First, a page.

What even is higher education? If you’re not familiar with it you might think of universities, people in lab coats, and libraries where people are working away on the esoteric and obscure. If you’re sceptical about universities you might think it’s about cancelling things, reading lists, and as one recent higher education minister said, about Harry Potter studies. Or if you’re in government, the civil service, or a local authority, you might take a more dispassionate look and see enormous employers with a cumulative workforce which is larger than fishing and mining, combined.
If you work in higher education, you will likely have a different view still. It’s no secret that it is just really difficult to work in universities at the moment. There is a regulatory regime which is tightening targets and access. A media narrative which flits between universities as national security risks and hotbeds of ‘wokery’. And, there is a forever changing set of expectations for universities to power levelling up, moonshots, and be anchors of regional economies.
The thing with universities is that they can be lots of things at once. They are reflections of society and like the rest of society, they contain multitudes. It’s easier to consider them as ecosystems than they are institutions. They are collections of people who are researching, teaching, and administering, a set of local, national, and global targets, and students who want to have a great time, get great jobs and learn great things, all at the same time. An approach to supporting the sector must recognise its complexity and not shy away from it.
At Counterculture our work lives between the intangible and life-affirming in culture in its widest form and our practical work to make organisations prosper for their people and places. Our approach to higher education advisory is no different. We bring creativity, respect for difference, and ambition for public institutions with a deep knowledge of higher education and its regulatory environment. As a bonus, we also bring our usual expertise across law, HR, finance, audit, and other advisory matters, as part of our approach. We are creative and we are incredibly thorough.
Most of all we cannot wait to work more closely with the people who make higher education what it is. Higher education is about the staff and students together who are researching, teaching, learning, working, administrating, and maintaining, this wonderful and complicated ecosystem, and we cannot wait to become an even greater part of it.
James Coe is head of our higher education advisory services. James is a partner at Counterculture, he is the associate editor for research and innovation at Wonkhe, the former Head of Sustainability, Policy, and Civic Engagement at the University of Liverpool, a former Governance Manager at NUS, and the author of The New University: Local Solutions to a Global Crisis. He holds an MPA in which he specialised in the resilience of the public sector after COVID for which he was awarded a Distinction.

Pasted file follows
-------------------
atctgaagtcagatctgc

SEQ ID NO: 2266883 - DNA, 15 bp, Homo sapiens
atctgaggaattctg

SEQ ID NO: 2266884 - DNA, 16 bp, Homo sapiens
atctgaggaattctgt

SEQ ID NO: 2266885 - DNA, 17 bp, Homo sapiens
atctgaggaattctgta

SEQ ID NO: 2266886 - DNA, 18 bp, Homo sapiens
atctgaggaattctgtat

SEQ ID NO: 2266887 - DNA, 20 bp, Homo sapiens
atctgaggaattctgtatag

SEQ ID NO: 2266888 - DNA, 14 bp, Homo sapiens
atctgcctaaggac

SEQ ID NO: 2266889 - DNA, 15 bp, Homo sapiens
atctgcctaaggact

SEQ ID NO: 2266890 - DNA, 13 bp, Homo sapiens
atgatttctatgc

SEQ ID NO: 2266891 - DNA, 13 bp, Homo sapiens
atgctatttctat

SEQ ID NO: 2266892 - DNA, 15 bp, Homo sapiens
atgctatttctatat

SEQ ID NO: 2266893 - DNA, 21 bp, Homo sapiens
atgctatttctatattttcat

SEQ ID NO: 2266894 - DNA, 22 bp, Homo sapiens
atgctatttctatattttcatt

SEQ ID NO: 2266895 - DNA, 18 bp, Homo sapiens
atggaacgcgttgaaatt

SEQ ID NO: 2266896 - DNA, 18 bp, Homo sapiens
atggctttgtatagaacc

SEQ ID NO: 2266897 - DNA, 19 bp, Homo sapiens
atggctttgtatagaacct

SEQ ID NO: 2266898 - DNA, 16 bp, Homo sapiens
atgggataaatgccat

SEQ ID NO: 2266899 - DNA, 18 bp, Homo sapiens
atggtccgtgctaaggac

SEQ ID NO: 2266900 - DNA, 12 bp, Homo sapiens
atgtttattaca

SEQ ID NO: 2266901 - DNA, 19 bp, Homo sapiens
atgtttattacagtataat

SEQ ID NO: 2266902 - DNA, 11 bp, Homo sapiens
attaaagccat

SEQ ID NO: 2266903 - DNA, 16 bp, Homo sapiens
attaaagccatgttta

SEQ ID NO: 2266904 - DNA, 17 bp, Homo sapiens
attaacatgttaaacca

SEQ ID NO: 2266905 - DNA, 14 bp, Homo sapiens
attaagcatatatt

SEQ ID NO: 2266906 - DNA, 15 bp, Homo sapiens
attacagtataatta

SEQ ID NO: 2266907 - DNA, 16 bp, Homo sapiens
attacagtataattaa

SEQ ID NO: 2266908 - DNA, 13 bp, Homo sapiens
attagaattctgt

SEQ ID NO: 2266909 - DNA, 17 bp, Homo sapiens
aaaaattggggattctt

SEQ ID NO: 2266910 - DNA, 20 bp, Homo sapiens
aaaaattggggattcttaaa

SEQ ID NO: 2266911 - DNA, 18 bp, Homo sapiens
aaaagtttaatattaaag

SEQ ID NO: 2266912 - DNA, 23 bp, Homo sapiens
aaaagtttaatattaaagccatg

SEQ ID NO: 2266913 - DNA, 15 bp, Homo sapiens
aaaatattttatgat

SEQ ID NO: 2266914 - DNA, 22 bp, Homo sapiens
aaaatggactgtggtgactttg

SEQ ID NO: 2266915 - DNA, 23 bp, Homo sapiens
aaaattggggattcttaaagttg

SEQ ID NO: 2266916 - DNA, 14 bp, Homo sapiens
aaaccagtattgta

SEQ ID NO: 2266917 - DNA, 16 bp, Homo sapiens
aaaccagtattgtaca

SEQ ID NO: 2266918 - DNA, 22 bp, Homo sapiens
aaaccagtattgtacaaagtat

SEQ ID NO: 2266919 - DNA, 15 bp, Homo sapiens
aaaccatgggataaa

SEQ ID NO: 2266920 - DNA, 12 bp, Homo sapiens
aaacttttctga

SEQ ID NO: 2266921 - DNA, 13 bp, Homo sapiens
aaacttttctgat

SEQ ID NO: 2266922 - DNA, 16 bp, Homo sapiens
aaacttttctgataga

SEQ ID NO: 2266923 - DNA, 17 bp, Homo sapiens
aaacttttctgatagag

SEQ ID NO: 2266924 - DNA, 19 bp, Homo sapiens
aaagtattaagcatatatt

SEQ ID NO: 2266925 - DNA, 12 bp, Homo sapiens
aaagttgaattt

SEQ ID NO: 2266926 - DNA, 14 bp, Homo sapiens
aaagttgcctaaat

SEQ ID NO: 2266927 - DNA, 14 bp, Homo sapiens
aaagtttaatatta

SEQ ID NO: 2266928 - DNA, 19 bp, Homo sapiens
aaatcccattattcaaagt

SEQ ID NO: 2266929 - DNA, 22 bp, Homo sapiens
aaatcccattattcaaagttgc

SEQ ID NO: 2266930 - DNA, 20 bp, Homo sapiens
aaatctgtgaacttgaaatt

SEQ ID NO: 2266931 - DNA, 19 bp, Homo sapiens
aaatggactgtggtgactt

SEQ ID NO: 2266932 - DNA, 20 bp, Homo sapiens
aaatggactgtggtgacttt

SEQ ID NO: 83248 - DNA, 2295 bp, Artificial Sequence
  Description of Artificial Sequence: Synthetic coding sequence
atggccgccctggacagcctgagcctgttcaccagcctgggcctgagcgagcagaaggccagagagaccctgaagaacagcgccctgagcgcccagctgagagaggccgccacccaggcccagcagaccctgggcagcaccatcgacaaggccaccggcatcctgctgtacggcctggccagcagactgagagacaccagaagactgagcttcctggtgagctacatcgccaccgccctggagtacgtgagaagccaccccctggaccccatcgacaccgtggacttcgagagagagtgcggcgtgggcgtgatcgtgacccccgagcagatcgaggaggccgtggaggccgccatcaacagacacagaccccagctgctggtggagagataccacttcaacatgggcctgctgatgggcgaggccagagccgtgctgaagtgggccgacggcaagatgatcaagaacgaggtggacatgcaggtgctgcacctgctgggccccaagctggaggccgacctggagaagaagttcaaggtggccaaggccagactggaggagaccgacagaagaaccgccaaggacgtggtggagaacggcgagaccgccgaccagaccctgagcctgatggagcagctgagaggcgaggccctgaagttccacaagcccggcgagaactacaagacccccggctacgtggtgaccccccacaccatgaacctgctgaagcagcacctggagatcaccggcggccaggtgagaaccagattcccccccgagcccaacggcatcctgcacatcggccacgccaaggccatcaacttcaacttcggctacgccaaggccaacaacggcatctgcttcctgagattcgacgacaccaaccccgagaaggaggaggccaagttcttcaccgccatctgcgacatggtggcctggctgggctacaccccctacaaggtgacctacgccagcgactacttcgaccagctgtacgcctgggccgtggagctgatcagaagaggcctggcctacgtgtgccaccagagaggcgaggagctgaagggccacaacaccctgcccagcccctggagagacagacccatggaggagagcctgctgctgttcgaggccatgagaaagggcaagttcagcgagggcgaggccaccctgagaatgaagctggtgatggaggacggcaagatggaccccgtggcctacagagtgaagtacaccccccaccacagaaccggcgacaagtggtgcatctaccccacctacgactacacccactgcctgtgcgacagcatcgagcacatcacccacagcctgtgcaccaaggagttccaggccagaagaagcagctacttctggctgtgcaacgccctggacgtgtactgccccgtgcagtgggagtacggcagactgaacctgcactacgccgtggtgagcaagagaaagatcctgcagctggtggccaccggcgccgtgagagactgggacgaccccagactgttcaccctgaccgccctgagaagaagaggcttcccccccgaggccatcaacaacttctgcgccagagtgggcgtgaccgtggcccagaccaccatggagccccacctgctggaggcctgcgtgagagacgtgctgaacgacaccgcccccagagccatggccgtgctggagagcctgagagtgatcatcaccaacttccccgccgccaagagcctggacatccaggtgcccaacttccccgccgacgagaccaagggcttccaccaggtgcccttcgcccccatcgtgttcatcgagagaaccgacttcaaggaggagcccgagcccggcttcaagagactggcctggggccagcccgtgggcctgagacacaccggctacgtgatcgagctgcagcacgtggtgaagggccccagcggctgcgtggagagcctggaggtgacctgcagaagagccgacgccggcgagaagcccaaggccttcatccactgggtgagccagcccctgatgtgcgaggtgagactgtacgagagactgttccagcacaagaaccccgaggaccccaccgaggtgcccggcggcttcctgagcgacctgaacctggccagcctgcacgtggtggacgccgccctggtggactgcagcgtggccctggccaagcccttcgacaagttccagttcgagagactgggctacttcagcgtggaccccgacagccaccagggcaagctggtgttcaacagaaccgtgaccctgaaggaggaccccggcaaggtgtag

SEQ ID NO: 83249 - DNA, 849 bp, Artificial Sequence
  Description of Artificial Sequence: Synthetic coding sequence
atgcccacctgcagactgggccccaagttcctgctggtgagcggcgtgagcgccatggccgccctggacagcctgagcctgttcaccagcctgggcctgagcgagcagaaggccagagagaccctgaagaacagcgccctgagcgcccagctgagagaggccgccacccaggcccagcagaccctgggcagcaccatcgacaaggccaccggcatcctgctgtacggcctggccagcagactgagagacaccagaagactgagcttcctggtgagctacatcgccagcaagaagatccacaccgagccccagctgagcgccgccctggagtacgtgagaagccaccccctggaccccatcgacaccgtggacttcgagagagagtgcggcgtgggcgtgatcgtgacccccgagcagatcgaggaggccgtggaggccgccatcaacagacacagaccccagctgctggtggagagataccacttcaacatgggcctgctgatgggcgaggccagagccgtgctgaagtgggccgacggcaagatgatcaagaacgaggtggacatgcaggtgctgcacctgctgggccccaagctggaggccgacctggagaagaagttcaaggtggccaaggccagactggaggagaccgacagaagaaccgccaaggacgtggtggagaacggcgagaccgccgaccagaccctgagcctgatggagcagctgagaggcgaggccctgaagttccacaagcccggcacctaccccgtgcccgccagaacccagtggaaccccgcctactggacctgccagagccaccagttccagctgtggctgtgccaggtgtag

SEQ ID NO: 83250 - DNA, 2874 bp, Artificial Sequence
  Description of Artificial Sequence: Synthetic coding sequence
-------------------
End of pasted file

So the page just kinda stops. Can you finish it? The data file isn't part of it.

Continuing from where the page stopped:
James works with higher education clients on policy, communications, and a range of advisory issues. At Counterculture, we pride ourselves not only on our expertise but our ability to bring the flair, creativity, and passion for place-based policy, which are the hallmarks of all our work. James is currently working on issues including regulatory reform, research and innovation, policy advice, and communications. James is a real policy expert and has worked on issues from bursary reviews, admissions, sustainability, access and participation plans, cultural strategies, and much more in between.
It is no secret that Counterculture has been growing in recent months and years. Today, we are taking another step forward in bringing our expertise to higher education. A full list of our services is here and you can contact James on the details provided. We can provide advice across the full suite of higher education issues coupled with professional advice. We are particularly keen to work with the people, institutions, and universities, who have some big ideas that need a bit of shaping, refining, and implementing. This might be how you want to make a bigger difference in your place, the policy challenge which needs a bit of external support, or those intractable issues which need a new set of eyes. We love the big, scary, unusual, and the people who want to do something different.